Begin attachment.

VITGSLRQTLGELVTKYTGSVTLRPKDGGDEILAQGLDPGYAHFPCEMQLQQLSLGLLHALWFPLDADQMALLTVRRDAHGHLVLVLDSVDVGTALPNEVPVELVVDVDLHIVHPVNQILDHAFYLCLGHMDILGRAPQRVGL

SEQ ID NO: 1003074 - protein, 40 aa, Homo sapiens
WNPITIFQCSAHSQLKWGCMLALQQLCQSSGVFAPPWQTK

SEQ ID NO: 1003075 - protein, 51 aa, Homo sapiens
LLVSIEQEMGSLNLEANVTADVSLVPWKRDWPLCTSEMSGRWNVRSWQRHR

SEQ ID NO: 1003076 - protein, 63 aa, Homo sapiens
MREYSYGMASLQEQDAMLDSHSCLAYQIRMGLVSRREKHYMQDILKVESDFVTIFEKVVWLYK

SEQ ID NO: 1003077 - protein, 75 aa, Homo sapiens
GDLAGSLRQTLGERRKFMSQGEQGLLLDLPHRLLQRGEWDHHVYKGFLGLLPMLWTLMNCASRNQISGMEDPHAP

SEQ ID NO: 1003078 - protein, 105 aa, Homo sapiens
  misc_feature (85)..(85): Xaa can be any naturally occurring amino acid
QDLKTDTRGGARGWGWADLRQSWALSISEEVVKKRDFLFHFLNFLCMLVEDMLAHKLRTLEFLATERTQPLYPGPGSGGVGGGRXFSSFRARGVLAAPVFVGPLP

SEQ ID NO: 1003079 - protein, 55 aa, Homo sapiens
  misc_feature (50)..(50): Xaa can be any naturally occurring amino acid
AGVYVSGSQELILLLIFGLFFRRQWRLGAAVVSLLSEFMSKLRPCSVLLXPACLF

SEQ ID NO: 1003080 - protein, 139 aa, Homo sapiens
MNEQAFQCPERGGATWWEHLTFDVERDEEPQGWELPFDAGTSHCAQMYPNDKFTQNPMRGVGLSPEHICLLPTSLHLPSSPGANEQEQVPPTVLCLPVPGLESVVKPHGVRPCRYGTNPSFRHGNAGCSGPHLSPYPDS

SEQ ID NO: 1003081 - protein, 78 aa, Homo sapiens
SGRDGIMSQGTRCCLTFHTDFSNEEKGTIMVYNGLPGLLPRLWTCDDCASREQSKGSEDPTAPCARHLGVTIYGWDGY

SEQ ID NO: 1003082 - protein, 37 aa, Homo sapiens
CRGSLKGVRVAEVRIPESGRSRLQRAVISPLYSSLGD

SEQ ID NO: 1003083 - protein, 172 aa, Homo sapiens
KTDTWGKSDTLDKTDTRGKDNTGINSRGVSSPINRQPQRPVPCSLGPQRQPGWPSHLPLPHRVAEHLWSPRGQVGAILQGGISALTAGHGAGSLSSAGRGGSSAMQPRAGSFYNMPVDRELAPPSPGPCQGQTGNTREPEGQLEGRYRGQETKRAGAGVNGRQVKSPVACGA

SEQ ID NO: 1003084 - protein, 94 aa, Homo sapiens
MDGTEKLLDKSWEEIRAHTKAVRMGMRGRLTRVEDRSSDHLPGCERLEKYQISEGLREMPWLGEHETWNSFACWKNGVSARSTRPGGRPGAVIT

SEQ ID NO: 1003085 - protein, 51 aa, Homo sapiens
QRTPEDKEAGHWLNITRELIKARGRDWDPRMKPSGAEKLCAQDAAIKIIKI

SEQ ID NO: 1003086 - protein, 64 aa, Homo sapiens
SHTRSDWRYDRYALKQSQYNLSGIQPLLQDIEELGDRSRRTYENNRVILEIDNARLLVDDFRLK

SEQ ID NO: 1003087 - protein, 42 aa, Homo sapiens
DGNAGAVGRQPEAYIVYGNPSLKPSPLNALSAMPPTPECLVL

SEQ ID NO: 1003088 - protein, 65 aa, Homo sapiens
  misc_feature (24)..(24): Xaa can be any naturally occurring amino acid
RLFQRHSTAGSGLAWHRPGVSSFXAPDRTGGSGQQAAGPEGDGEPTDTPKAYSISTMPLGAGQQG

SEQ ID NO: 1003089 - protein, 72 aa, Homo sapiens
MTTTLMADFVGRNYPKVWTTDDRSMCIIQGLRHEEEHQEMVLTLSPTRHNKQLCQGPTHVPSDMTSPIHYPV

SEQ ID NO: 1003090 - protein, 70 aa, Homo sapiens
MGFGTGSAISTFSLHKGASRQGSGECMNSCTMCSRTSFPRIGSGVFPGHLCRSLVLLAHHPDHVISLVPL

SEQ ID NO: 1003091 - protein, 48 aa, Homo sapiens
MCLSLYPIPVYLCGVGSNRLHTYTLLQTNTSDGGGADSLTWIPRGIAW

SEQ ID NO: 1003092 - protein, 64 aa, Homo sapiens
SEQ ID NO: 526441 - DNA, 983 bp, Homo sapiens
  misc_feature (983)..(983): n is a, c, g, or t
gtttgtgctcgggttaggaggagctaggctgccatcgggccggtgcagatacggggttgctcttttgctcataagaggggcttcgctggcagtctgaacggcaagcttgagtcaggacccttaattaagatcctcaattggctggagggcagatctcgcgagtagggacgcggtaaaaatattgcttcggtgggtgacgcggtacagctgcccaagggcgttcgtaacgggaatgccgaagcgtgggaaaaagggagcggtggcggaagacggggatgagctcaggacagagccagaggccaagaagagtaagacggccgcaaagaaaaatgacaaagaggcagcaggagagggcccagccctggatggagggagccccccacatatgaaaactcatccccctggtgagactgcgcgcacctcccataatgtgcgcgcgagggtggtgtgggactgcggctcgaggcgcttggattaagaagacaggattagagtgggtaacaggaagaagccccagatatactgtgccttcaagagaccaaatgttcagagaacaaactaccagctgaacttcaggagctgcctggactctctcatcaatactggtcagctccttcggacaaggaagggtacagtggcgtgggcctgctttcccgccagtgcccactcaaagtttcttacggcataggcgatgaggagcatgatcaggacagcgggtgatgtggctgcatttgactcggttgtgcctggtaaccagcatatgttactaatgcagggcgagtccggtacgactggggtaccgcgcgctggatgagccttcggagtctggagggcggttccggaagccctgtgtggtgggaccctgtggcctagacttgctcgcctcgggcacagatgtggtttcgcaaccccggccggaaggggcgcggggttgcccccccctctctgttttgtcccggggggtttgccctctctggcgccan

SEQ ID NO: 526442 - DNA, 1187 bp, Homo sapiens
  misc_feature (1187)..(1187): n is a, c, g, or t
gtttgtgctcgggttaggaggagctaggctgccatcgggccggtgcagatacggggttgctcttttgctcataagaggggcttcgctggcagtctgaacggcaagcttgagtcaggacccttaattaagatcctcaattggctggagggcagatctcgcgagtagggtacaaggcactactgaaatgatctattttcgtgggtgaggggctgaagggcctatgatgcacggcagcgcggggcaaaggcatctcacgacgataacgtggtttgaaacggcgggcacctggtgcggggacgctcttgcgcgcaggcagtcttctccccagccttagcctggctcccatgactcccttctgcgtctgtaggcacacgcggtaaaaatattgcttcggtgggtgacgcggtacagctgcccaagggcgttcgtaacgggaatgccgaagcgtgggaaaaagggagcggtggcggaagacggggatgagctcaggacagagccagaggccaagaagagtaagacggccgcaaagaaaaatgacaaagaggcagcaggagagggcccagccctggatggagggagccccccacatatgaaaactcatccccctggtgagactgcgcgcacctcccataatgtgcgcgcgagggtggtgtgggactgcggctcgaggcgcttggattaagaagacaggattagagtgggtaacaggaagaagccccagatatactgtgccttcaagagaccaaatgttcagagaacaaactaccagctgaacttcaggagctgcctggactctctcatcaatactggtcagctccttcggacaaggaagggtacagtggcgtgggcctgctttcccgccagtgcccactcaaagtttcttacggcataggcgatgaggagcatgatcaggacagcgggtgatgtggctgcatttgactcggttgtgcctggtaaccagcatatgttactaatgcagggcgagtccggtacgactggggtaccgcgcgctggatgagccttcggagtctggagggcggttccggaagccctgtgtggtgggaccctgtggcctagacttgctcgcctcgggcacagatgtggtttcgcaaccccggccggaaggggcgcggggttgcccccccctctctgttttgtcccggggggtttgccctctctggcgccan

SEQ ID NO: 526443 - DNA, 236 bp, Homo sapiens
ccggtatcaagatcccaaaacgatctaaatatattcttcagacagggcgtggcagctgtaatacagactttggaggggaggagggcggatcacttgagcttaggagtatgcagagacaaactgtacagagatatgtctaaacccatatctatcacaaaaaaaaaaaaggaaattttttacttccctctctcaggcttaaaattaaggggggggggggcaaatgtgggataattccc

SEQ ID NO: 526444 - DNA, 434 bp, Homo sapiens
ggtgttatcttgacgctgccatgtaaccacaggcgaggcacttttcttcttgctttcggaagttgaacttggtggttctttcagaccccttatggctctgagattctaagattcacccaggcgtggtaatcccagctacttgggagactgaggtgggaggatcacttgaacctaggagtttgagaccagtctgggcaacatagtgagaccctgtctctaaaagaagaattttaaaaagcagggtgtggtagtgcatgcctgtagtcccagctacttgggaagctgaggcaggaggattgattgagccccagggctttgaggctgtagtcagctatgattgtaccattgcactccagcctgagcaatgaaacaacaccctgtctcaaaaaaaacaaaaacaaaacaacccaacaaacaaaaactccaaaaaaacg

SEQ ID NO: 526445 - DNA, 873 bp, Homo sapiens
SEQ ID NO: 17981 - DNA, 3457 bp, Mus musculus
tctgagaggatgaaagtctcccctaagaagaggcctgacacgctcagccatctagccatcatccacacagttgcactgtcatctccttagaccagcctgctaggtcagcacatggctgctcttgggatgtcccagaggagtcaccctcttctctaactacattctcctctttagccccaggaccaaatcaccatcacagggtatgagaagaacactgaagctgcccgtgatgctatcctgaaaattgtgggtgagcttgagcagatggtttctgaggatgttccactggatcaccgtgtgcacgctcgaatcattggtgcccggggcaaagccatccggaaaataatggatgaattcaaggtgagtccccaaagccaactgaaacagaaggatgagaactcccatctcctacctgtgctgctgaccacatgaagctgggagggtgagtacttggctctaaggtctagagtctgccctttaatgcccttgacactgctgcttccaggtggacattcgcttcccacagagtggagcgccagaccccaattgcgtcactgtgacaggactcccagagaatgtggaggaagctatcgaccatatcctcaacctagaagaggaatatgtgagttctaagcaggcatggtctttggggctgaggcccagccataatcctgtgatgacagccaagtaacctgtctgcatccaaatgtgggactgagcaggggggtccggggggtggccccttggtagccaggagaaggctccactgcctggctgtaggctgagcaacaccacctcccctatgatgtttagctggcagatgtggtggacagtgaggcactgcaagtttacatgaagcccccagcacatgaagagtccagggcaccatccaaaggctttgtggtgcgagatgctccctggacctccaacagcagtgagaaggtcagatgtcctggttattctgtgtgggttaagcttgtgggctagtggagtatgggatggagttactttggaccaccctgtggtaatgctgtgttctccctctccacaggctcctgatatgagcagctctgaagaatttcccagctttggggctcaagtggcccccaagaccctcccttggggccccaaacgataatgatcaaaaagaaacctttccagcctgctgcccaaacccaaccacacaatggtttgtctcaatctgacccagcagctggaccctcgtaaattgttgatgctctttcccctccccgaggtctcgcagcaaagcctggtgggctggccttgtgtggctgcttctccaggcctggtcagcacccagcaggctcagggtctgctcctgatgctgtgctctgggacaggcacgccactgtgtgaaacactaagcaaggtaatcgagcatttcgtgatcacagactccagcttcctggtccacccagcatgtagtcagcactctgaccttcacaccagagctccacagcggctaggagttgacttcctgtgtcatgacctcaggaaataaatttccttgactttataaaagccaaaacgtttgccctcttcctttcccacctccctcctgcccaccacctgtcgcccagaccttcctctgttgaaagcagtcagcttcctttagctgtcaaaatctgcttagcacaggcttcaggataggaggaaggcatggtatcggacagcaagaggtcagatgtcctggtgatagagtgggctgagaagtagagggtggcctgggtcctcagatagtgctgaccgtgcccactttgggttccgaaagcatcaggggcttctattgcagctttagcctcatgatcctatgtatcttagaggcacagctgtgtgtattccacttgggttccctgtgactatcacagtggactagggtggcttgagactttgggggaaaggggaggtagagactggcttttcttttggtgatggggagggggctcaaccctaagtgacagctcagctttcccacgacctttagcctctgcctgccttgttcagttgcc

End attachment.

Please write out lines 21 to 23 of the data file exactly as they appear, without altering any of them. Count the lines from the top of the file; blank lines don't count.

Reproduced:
CRGSLKGVRVAEVRIPESGRSRLQRAVISPLYSSLGD

SEQ ID NO: 1003083 - protein, 172 aa, Homo sapiens
KTDTWGKSDTLDKTDTRGKDNTGINSRGVSSPINRQPQRPVPCSLGPQRQPGWPSHLPLPHRVAEHLWSPRGQVGAILQGGISALTAGHGAGSLSSAGRGGSSAMQPRAGSFYNMPVDRELAPPSPGPCQGQTGNTREPEGQLEGRYRGQETKRAGAGVNGRQVKSPVACGA